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A Frank Assessment: EPA Finds Illinois’ CAFO Program Inadequate

Climate Justice

The EPA Region 5 recently published a refreshingly blunt report on the state of concentrated animal feeding operation (CAFO) permitting in Illinois, and the assessment is disturbing. EPA concluded that the Illinois Environmental Protection Agency’s National Pollution Discharge Elimination System (NPDES) permitting program for CAFOs “does not meet minimum thresholds for an adequate program.” Ouch.

As in many other states around the country, agriculture in Illinois is one of the state’s leading economic drivers and one of the leading sources of water pollution. The state has the fourth largest concentration of large-scale hog confinements in the United States, producing 4.5 million hogs each year. This massive hog production, highly concentrated in CAFOs, comes at a significant environmental cost. According to the state’s 2004 Water Quality Report, more than 85% of Illinois’ public lake acreage is impaired, largely attributable to agriculture. Moreover, the agriculture industry is responsible for 73% of Illinois’ river and stream impairments.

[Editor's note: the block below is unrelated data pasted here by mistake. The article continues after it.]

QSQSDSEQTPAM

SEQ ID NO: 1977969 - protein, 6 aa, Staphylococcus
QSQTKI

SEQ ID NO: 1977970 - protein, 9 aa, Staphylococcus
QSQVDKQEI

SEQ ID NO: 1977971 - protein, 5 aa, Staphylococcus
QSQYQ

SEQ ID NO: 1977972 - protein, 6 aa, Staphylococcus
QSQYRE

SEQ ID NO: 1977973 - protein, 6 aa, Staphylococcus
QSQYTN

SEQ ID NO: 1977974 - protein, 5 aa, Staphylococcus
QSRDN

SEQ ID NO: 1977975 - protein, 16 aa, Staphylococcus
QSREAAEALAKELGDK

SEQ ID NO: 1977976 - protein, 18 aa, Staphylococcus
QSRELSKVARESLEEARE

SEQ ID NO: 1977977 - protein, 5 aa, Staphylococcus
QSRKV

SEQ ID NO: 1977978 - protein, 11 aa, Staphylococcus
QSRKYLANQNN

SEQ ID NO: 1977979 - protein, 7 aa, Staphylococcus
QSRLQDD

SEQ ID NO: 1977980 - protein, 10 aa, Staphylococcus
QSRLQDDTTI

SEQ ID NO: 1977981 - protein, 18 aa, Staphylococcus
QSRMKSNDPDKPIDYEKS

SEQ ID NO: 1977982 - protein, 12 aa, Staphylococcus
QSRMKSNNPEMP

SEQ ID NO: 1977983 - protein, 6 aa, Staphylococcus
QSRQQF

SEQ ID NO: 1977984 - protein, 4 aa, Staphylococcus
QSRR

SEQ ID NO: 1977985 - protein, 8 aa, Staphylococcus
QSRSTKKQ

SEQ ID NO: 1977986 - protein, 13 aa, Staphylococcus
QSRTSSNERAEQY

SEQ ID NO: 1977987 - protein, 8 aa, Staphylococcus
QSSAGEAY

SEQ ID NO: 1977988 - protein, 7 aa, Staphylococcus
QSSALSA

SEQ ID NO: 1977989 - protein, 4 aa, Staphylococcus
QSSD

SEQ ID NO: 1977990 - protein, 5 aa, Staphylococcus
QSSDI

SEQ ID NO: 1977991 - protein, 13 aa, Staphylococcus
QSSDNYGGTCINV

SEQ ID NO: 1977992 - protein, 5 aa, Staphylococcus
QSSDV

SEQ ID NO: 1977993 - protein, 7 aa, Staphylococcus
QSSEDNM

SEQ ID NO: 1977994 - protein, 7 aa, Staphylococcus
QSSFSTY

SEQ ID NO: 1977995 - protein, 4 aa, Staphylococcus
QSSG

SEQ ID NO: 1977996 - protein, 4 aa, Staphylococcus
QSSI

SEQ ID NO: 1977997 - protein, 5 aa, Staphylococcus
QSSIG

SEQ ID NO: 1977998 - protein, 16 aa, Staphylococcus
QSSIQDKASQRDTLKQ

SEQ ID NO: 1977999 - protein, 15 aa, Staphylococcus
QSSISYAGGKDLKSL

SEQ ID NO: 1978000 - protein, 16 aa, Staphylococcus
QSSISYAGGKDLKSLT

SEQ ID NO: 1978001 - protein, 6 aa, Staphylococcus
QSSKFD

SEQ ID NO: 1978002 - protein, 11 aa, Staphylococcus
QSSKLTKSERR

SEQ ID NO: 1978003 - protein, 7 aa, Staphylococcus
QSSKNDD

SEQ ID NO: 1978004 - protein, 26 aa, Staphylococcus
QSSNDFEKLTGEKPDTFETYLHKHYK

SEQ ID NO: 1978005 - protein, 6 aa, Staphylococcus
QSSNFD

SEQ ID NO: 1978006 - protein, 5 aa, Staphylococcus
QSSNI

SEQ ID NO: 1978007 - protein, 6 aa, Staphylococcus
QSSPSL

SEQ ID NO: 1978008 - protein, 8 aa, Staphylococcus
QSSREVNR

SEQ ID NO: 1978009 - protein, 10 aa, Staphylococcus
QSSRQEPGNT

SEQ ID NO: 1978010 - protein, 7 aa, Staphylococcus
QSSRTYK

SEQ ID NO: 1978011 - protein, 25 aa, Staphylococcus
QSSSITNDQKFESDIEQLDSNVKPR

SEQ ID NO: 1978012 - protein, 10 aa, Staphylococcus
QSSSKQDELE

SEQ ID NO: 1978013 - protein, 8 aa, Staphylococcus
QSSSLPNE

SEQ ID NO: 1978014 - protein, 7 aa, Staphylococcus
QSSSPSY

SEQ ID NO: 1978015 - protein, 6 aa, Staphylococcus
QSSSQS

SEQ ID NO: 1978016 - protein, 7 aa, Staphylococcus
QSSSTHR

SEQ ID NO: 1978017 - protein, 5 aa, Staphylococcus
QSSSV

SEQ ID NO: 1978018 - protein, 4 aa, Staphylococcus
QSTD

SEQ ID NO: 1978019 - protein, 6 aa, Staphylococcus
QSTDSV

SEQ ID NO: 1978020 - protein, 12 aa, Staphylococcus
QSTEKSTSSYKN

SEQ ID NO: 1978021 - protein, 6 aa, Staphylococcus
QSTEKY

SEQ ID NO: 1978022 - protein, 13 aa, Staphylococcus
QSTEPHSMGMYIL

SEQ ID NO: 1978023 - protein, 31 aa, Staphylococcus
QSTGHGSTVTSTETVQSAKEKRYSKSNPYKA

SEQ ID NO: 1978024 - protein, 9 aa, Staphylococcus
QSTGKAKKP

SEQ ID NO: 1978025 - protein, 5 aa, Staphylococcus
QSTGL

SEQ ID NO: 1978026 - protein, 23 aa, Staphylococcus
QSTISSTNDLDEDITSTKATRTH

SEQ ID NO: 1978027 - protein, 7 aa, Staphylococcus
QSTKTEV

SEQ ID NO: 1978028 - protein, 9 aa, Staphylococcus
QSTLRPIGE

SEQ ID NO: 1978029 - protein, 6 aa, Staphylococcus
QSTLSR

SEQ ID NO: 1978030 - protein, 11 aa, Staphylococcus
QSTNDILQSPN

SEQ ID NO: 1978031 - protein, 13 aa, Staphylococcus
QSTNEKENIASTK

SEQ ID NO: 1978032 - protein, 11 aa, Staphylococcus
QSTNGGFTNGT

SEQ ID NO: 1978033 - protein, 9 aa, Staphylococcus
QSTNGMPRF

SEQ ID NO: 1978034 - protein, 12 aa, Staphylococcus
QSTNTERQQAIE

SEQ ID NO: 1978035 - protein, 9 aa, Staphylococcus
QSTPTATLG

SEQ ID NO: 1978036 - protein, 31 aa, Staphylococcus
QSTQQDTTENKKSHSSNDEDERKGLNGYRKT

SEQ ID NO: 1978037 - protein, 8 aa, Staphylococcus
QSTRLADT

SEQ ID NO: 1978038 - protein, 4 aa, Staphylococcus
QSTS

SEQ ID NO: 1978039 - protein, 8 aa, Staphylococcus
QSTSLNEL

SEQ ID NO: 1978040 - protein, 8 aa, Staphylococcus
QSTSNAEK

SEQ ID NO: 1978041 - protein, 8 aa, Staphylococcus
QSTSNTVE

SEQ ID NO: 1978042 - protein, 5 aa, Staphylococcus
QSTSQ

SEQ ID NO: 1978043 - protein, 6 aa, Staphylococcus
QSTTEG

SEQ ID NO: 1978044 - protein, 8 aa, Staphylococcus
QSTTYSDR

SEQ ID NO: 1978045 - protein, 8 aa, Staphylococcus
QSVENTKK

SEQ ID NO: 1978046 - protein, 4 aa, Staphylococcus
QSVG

As a result, environmental groups filed a petition in 2008 to request that EPA withdraw Illinois EPA’s delegated authority to administer the CAFO permitting program. Under the Clean Water Act, EPA may delegate authority to states to administer the NPDES permitting program, but that authority may also be withdrawn under certain statutory conditions. For example, EPA can withdraw delegated authority when a state agency is no longer acting sufficiently to administer the program in compliance with federal requirements, such as failing to issue NPDES permits, to act on violations, or to seek adequate enforcement penalties or collect adequate administrative fines.

The petition alleged that many of these conditions are met in Illinois, and the findings in the EPA report largely agreed. Among the findings:

  • Out-of-date CAFO Regulations. In 2008 EPA issued new, nationwide regulations for CAFOs. The regulations mandated, among other requirements, that CAFOs submit nutrient management plans (NMPs) as part of the NPDES permit applications. State permitting authorities must then review the NMPs and provide the opportunity for public comment and review. States are required to update their own CAFO permitting programs to be consistent with the federal regulations within one year (or two years if a state statutory change is required). The report found that Illinois’ regulations are out-of-date, and the state has no timeline or schedule to complete the revisions.